Tactics and marksmanship are far more important to the outcome than any difference in the terminal ballistics of one rifle caliber versus another.
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Old January 7, 2009, 10:52 PM   #22
FALPhil
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Sorry, but I just fail to see the need for lots of civilians in the USA to learn military battlefield tactics for their personal defense.
I'm not surprised.
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Old January 8, 2009, 12:25 AM   #23
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Sorry, but I just fail to see the need for lots of civilians in the USA to learn military battlefield tactics for their personal defense.
If we could be certain that those who direct the military, i.e. the federal government, were 100% guaranteed to always be good people and never threatening to us and/or our liberty, I would agree. However such is not reality.
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Old January 8, 2009, 01:51 PM   #24
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Finally, the success of the 5.56 as a modern infantry cartridge relies heavily on the presence of heavier support weapons, which, again, are unlikely to be present in any civilian scenario. Civilians aren't going to have access to M2BHs, Mk 19s, M240B/G, M203s, or to Strikers and Cobra gunships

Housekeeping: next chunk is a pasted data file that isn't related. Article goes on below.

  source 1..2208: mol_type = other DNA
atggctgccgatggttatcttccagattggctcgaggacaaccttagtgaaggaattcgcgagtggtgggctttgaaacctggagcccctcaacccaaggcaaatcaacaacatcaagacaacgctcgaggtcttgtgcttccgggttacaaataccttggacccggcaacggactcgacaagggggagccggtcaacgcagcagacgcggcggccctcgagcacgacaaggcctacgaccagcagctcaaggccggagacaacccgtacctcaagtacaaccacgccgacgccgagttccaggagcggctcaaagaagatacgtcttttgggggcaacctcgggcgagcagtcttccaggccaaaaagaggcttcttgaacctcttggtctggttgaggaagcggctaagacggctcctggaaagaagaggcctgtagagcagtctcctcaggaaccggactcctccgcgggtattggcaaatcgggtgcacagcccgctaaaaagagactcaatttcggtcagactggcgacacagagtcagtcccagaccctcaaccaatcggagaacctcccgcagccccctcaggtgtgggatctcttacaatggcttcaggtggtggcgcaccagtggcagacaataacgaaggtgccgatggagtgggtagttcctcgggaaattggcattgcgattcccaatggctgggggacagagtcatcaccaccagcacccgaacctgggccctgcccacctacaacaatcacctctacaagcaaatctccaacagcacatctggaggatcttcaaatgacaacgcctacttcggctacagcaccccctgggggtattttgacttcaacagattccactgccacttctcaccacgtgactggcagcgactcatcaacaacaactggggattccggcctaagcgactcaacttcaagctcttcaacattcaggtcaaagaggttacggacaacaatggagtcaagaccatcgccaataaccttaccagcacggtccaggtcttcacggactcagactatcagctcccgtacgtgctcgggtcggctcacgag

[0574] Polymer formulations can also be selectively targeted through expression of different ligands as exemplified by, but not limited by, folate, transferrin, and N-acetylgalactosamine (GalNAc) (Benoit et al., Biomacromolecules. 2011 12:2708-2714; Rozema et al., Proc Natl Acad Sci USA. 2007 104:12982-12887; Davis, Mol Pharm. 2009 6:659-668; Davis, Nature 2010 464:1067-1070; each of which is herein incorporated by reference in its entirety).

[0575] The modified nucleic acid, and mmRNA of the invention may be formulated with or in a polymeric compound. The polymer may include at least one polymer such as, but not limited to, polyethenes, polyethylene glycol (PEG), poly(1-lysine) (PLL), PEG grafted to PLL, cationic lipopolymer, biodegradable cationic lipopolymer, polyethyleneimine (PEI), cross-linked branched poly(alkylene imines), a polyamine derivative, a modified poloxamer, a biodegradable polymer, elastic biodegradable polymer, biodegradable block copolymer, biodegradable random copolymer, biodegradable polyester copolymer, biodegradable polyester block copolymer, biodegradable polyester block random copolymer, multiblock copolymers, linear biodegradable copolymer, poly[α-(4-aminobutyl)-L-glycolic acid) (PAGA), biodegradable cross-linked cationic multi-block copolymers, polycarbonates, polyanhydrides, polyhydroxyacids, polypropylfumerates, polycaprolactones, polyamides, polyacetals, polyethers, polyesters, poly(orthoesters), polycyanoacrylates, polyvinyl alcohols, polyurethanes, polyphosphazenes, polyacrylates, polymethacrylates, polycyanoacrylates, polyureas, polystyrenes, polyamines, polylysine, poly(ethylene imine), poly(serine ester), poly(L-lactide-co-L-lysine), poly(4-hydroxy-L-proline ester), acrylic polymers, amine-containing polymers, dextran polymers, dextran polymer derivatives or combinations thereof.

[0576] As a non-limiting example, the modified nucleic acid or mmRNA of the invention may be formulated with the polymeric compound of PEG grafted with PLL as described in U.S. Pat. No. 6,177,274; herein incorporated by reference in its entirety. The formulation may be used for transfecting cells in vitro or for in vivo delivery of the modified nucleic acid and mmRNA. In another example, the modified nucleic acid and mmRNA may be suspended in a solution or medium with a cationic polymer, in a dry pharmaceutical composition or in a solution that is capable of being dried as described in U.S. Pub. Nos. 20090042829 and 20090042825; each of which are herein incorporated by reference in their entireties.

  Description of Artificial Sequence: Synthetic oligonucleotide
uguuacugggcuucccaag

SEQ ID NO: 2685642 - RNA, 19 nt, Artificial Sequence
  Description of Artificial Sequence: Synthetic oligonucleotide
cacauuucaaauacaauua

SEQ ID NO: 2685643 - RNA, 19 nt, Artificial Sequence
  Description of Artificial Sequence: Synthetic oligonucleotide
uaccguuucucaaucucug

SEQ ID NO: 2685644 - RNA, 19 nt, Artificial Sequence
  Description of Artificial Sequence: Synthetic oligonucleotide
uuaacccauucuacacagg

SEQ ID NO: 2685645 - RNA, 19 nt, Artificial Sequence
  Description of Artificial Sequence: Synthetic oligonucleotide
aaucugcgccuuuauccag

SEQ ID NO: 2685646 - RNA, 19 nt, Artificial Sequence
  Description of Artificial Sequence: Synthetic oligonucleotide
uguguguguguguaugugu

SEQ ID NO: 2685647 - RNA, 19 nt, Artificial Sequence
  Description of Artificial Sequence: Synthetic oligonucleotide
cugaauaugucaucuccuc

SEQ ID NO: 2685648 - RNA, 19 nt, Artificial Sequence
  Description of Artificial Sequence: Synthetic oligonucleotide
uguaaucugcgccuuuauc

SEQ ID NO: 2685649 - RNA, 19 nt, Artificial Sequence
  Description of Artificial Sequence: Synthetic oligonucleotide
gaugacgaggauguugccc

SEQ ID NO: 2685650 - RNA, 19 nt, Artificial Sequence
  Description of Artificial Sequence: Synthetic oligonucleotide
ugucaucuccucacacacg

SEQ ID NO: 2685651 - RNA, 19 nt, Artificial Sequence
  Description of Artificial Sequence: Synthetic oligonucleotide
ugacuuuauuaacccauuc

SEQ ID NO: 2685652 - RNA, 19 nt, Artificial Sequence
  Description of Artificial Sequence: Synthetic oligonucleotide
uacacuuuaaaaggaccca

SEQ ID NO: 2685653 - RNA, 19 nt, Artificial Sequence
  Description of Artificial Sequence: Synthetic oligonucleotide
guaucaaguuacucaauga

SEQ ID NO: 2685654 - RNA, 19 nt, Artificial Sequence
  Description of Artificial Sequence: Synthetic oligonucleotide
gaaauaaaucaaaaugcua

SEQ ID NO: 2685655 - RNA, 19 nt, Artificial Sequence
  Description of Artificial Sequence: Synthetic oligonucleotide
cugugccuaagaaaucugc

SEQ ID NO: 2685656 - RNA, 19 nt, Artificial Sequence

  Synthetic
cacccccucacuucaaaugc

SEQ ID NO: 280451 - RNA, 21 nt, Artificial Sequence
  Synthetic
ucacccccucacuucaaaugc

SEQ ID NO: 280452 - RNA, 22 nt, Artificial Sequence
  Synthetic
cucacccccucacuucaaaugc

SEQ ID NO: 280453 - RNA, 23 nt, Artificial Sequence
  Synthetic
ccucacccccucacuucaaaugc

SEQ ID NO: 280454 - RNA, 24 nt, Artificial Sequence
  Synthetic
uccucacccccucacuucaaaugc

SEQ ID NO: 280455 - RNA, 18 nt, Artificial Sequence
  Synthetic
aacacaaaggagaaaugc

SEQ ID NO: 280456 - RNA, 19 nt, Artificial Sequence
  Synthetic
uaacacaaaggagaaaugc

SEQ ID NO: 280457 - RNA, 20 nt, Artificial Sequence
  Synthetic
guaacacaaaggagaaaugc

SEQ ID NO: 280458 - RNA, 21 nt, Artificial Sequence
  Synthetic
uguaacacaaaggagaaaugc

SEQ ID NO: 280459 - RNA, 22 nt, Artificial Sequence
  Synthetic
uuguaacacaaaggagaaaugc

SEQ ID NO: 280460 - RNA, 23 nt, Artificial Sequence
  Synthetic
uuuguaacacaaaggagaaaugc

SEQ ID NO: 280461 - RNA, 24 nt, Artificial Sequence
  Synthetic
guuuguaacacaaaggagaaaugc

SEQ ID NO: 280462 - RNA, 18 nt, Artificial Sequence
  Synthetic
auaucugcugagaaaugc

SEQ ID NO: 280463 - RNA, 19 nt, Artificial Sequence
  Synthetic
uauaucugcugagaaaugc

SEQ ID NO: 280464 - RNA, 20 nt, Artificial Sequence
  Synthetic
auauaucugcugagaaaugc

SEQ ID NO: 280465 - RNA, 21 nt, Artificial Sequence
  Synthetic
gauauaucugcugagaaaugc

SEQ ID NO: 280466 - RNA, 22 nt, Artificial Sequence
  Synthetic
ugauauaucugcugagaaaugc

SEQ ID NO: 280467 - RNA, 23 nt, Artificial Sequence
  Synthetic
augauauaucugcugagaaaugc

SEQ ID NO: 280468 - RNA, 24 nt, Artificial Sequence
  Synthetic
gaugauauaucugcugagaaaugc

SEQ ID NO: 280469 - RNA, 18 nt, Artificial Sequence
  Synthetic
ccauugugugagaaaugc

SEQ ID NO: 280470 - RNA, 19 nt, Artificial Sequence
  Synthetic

uh...........darn........


wish I had known that sooner.

anybody want to buy any Strikers or a Cobra gunship?
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Old January 8, 2009, 01:54 PM   #25
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I'm not surprised.
Well, having taught tactics in the military, LE, and civilian realms, I would think I have a fairly good handle on the issue. Of course, I may be mistaken, so please feel free to discuss how things like bounding overwatch, suppressive fire, squad movement and support, and other military battlefield tactics work for personal self defense.

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If we could be certain that those who direct the military, i.e. the federal government, were 100% guaranteed to always be good people and never threatening to us and/or our liberty, I would agree. However such is not reality.
Should that occur I would think that we are no longer in the arena commonly considered for self defense.